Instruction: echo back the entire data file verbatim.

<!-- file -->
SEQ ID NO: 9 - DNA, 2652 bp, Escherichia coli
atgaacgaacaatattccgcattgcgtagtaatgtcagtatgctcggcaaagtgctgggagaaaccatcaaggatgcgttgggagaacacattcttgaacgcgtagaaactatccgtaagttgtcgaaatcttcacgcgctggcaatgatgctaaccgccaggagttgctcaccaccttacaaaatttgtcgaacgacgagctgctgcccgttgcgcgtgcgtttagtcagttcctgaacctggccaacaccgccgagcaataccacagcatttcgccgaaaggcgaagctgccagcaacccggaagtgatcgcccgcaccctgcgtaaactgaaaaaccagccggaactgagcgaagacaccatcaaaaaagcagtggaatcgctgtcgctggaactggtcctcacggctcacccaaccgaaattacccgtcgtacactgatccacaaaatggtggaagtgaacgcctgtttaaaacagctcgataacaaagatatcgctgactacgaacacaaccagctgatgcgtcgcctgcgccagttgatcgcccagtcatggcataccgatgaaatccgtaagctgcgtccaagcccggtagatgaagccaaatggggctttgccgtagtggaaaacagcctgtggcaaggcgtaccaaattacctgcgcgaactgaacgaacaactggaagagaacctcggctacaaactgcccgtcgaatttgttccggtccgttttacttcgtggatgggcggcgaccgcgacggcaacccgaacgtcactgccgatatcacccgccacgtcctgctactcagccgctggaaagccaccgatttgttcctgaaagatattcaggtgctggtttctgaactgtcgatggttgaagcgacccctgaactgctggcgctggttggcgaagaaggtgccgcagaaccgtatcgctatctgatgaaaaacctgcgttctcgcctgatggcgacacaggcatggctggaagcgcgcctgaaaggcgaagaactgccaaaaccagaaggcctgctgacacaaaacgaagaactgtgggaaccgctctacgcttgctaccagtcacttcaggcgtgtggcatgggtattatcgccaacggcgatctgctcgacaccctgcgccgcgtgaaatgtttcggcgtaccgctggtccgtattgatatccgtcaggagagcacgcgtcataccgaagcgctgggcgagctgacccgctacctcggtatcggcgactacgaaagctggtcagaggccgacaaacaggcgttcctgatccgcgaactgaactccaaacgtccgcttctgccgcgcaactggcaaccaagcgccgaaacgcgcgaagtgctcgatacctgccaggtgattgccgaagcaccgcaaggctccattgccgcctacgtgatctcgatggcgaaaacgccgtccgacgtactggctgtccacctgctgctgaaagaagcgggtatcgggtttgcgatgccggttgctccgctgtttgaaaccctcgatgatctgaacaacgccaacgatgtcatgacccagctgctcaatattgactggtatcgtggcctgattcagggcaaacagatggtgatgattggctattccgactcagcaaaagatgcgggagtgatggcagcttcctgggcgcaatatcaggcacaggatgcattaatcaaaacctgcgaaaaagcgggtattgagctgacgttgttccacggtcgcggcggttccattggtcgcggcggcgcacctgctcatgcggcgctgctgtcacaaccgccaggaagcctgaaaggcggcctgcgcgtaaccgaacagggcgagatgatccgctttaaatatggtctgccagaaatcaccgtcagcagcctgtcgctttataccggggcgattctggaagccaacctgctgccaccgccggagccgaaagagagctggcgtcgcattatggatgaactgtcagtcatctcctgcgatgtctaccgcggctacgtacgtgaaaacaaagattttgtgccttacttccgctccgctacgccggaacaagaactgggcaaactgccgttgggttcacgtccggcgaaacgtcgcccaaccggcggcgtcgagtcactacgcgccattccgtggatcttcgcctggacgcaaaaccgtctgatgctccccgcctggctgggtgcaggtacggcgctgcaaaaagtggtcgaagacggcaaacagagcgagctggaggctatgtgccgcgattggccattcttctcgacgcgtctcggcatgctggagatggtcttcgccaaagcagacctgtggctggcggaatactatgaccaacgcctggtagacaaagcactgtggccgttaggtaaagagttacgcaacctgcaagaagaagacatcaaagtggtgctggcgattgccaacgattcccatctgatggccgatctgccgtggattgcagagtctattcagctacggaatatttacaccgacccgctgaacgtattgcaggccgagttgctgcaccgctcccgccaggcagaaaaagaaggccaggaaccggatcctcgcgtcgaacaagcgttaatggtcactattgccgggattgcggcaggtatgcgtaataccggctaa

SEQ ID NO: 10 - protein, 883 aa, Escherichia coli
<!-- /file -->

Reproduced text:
SEQ ID NO: 9 - DNA, 2652 bp, Escherichia coli
atgaacgaacaatattccgcattgcgtagtaatgtcagtatgctcggcaaagtgctgggagaaaccatcaaggatgcgttgggagaacacattcttgaacgcgtagaaactatccgtaagttgtcgaaatcttcacgcgctggcaatgatgctaaccgccaggagttgctcaccaccttacaaaatttgtcgaacgacgagctgctgcccgttgcgcgtgcgtttagtcagttcctgaacctggccaacaccgccgagcaataccacagcatttcgccgaaaggcgaagctgccagcaacccggaagtgatcgcccgcaccctgcgtaaactgaaaaaccagccggaactgagcgaagacaccatcaaaaaagcagtggaatcgctgtcgctggaactggtcctcacggctcacccaaccgaaattacccgtcgtacactgatccacaaaatggtggaagtgaacgcctgtttaaaacagctcgataacaaagatatcgctgactacgaacacaaccagctgatgcgtcgcctgcgccagttgatcgcccagtcatggcataccgatgaaatccgtaagctgcgtccaagcccggtagatgaagccaaatggggctttgccgtagtggaaaacagcctgtggcaaggcgtaccaaattacctgcgcgaactgaacgaacaactggaagagaacctcggctacaaactgcccgtcgaatttgttccggtccgttttacttcgtggatgggcggcgaccgcgacggcaacccgaacgtcactgccgatatcacccgccacgtcctgctactcagccgctggaaagccaccgatttgttcctgaaagatattcaggtgctggtttctgaactgtcgatggttgaagcgacccctgaactgctggcgctggttggcgaagaaggtgccgcagaaccgtatcgctatctgatgaaaaacctgcgttctcgcctgatggcgacacaggcatggctggaagcgcgcctgaaaggcgaagaactgccaaaaccagaaggcctgctgacacaaaacgaagaactgtgggaaccgctctacgcttgctaccagtcacttcaggcgtgtggcatgggtattatcgccaacggcgatctgctcgacaccctgcgccgcgtgaaatgtttcggcgtaccgctggtccgtattgatatccgtcaggagagcacgcgtcataccgaagcgctgggcgagctgacccgctacctcggtatcggcgactacgaaagctggtcagaggccgacaaacaggcgttcctgatccgcgaactgaactccaaacgtccgcttctgccgcgcaactggcaaccaagcgccgaaacgcgcgaagtgctcgatacctgccaggtgattgccgaagcaccgcaaggctccattgccgcctacgtgatctcgatggcgaaaacgccgtccgacgtactggctgtccacctgctgctgaaagaagcgggtatcgggtttgcgatgccggttgctccgctgtttgaaaccctcgatgatctgaacaacgccaacgatgtcatgacccagctgctcaatattgactggtatcgtggcctgattcagggcaaacagatggtgatgattggctattccgactcagcaaaagatgcgggagtgatggcagcttcctgggcgcaatatcaggcacaggatgcattaatcaaaacctgcgaaaaagcgggtattgagctgacgttgttccacggtcgcggcggttccattggtcgcggcggcgcacctgctcatgcggcgctgctgtcacaaccgccaggaagcctgaaaggcggcctgcgcgtaaccgaacagggcgagatgatccgctttaaatatggtctgccagaaatcaccgtcagcagcctgtcgctttataccggggcgattctggaagccaacctgctgccaccgccggagccgaaagagagctggcgtcgcattatggatgaactgtcagtcatctcctgcgatgtctaccgcggctacgtacgtgaaaacaaagattttgtgccttacttccgctccgctacgccggaacaagaactgggcaaactgccgttgggttcacgtccggcgaaacgtcgcccaaccggcggcgtcgagtcactacgcgccattccgtggatcttcgcctggacgcaaaaccgtctgatgctccccgcctggctgggtgcaggtacggcgctgcaaaaagtggtcgaagacggcaaacagagcgagctggaggctatgtgccgcgattggccattcttctcgacgcgtctcggcatgctggagatggtcttcgccaaagcagacctgtggctggcggaatactatgaccaacgcctggtagacaaagcactgtggccgttaggtaaagagttacgcaacctgcaagaagaagacatcaaagtggtgctggcgattgccaacgattcccatctgatggccgatctgccgtggattgcagagtctattcagctacggaatatttacaccgacccgctgaacgtattgcaggccgagttgctgcaccgctcccgccaggcagaaaaagaaggccaggaaccggatcctcgcgtcgaacaagcgttaatggtcactattgccgggattgcggcaggtatgcgtaataccggctaa

SEQ ID NO: 10 - protein, 883 aa, Escherichia coli